My husband, son, and I rode the train from Portland to visit my parents and sister in La Grande. We chugged into the cold, icicle-clad station, irritable and rumpled after the six-hour trip.
Looking out the train window onto the dark, snow-frosted platform, we saw among the large crowd a Santa Claus waving. The mittened hands of my father and sister held a white banner with broad black letters reading, “Welcome: Karen, Neal, and Sean. Merry Christmas!” With that, my exhaustion dissipated, and a lump formed in my throat. My sister and my dad and…where was my mom? Why wasn’t she here too? I supposed that she stayed home, baking sugar cookies for us to frost, or preparing spicy, chunky chili as only she can make it.
I wove my way down the aisle, through departing passengers and bulky luggage. As I stepped off the train, Santa Claus, who was handing out candy canes at the train exit, stuck a candy cane in my coat pocket. “Merry Christmas,” he said, in a gravelly voice.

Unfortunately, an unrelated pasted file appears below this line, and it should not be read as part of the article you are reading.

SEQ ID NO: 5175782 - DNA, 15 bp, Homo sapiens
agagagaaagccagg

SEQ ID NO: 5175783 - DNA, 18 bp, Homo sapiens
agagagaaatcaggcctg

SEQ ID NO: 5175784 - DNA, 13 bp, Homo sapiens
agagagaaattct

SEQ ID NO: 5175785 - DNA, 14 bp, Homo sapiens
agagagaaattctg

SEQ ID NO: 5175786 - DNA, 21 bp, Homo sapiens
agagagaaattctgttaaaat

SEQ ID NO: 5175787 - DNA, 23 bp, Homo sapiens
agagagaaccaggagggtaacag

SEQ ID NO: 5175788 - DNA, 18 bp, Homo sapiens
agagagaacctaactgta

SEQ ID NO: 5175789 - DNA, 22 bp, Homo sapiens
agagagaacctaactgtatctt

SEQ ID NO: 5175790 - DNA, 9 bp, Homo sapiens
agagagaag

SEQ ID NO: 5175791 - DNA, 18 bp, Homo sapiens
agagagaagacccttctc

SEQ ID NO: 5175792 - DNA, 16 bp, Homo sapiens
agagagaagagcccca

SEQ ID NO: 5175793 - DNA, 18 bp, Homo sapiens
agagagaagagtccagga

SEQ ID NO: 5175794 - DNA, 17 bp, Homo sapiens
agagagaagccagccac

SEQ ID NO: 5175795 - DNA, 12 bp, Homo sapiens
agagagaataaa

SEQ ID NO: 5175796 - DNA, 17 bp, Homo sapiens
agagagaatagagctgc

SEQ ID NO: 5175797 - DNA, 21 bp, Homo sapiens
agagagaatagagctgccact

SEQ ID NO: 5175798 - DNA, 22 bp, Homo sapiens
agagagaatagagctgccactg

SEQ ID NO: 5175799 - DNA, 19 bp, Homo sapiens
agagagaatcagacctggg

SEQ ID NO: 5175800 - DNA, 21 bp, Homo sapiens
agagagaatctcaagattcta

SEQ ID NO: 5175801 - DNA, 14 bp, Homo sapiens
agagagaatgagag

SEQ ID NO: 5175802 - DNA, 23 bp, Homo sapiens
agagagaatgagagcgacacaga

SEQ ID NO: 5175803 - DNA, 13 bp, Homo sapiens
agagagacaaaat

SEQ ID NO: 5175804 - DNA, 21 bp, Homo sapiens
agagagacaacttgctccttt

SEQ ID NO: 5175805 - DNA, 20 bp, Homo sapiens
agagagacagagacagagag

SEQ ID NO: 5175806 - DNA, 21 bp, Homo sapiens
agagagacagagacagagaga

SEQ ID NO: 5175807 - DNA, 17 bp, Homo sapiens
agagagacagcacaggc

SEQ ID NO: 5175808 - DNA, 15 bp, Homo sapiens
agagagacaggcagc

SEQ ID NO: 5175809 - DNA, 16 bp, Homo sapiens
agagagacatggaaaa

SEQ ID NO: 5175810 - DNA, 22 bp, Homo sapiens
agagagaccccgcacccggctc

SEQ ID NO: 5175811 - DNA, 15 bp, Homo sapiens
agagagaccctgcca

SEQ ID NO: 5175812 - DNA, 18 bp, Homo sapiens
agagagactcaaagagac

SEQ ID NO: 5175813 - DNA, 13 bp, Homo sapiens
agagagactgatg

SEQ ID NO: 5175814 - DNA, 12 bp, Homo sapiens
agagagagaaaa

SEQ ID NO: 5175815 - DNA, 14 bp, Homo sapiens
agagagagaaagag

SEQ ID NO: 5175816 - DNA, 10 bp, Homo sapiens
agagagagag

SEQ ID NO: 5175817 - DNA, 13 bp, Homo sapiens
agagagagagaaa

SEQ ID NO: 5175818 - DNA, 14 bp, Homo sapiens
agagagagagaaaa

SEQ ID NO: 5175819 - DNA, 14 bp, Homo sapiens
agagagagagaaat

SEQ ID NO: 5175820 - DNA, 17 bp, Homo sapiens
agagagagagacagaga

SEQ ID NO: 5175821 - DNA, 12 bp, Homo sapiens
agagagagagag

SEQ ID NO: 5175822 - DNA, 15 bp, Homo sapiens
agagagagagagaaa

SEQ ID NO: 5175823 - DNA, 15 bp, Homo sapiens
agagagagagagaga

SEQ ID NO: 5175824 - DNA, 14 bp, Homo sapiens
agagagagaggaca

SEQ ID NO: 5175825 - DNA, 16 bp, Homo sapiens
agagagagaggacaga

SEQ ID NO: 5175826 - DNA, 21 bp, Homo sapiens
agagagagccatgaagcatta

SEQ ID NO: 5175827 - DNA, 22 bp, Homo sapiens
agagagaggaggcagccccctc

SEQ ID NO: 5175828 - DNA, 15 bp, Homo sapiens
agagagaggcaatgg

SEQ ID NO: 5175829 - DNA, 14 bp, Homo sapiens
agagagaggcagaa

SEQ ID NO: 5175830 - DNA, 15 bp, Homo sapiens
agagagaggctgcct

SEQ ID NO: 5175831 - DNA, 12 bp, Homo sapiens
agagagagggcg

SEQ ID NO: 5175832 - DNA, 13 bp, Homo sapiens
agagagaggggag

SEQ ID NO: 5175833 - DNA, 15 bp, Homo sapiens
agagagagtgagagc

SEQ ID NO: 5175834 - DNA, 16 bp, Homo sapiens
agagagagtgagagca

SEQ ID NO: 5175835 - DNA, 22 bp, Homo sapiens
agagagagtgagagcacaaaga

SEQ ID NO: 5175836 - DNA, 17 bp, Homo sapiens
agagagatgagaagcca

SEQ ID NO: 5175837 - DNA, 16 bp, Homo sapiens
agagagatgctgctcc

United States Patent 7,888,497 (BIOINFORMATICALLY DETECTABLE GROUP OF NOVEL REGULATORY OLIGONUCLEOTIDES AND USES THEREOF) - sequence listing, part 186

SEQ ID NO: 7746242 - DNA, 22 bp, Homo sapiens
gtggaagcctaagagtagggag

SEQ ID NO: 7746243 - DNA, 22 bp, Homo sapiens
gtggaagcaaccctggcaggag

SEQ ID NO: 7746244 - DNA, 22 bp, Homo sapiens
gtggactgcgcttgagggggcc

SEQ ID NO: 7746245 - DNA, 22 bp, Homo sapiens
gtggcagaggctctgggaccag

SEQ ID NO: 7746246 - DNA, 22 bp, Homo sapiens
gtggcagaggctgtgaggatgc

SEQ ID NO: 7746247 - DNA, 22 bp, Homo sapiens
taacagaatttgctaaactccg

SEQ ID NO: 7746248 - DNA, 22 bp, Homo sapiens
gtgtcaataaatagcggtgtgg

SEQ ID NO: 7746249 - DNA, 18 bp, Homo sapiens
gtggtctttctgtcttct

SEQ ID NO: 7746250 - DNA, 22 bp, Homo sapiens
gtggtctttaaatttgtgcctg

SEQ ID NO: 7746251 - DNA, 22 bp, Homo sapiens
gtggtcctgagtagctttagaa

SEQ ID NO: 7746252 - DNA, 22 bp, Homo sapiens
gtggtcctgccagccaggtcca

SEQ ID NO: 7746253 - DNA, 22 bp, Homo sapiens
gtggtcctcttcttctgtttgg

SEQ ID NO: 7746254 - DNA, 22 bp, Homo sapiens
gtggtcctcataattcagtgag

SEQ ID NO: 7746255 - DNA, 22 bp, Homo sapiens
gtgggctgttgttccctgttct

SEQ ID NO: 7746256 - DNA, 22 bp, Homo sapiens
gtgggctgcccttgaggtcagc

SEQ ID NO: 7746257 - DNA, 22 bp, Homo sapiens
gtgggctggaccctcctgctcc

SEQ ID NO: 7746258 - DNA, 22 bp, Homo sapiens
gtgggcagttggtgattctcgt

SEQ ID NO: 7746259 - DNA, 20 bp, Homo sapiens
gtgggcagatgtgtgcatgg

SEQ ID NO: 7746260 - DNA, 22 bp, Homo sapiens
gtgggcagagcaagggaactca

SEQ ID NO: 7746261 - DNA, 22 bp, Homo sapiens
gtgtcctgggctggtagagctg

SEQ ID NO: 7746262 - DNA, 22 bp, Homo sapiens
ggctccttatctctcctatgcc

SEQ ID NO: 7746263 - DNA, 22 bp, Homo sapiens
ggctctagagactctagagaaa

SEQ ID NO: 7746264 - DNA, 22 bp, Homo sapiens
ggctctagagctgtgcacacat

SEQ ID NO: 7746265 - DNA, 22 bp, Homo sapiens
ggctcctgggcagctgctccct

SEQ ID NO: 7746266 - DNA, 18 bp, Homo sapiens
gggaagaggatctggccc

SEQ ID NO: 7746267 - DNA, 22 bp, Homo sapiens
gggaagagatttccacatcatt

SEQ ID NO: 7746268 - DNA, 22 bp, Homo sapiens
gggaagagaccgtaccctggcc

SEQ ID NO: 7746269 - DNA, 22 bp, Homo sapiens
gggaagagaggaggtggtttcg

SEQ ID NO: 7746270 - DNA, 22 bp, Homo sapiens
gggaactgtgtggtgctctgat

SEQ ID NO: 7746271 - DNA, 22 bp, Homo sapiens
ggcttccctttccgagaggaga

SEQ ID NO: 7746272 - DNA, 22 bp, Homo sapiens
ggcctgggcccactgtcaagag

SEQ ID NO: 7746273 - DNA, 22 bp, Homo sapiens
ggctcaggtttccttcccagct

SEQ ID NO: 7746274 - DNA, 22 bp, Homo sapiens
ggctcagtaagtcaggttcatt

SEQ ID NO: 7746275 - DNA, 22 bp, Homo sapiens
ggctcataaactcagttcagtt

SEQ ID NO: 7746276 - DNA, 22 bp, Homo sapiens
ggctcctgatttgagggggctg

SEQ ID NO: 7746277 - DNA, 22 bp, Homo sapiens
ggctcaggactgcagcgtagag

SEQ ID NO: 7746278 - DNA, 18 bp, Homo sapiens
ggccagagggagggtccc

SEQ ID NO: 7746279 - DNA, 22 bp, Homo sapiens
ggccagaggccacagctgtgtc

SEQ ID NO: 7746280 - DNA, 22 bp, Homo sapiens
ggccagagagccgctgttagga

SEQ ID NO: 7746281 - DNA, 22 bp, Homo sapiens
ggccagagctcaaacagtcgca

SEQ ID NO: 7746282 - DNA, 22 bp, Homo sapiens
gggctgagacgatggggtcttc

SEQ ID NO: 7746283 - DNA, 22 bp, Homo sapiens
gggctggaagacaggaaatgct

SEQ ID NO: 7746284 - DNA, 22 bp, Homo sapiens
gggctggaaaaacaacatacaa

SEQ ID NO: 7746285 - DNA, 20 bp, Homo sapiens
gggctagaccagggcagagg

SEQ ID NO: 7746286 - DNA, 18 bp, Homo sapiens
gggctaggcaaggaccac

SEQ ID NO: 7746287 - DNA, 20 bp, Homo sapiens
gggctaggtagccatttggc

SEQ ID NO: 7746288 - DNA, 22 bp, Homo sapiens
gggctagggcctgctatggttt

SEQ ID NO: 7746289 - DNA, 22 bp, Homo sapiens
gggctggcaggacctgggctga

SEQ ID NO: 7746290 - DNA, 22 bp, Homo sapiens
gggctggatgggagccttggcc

“Thanks,” I muttered, thinking that this was a great service Amtrack was providing, and rushed off to meet my family. We all hugged and helloed. To my surprise, I noticed that Santa Claus, who hadn’t gone inside the station with all the other disembarking passengers, embraced Neal and Sean.
Then Santa sidled up to me, hugged me, and said, “Merry Christmas!” again.
How nice, I thought, and hugged my dad and my sister again. Santa continued to stand next to me. “Why is he still standing out here in the cold with us?” I wondered. “Isn’t this overplaying his role a bit?” I kept chatting and all the while Santa remained at my elbow. Why was Santa so attentive to us?
I couldn’t figure it out. The chatter died out and my entire family stared expectantly at me, then laughed as Santa pulled off his beard. Only then did I finally understand. In my excitement I hadn’t seen what they had seen. I screamed and threw my arms around the red and white padded body. You see, Santa Claus was really my mother.
My vision always blurs when I think back to this incident. It taught me two things. First, presents don’t have to be wrapped to be just what you need. And secondly, parental acts of love don’t stop when you leave home, but continue the rest of your life in the form of some of the best gifts you’ll ever receive.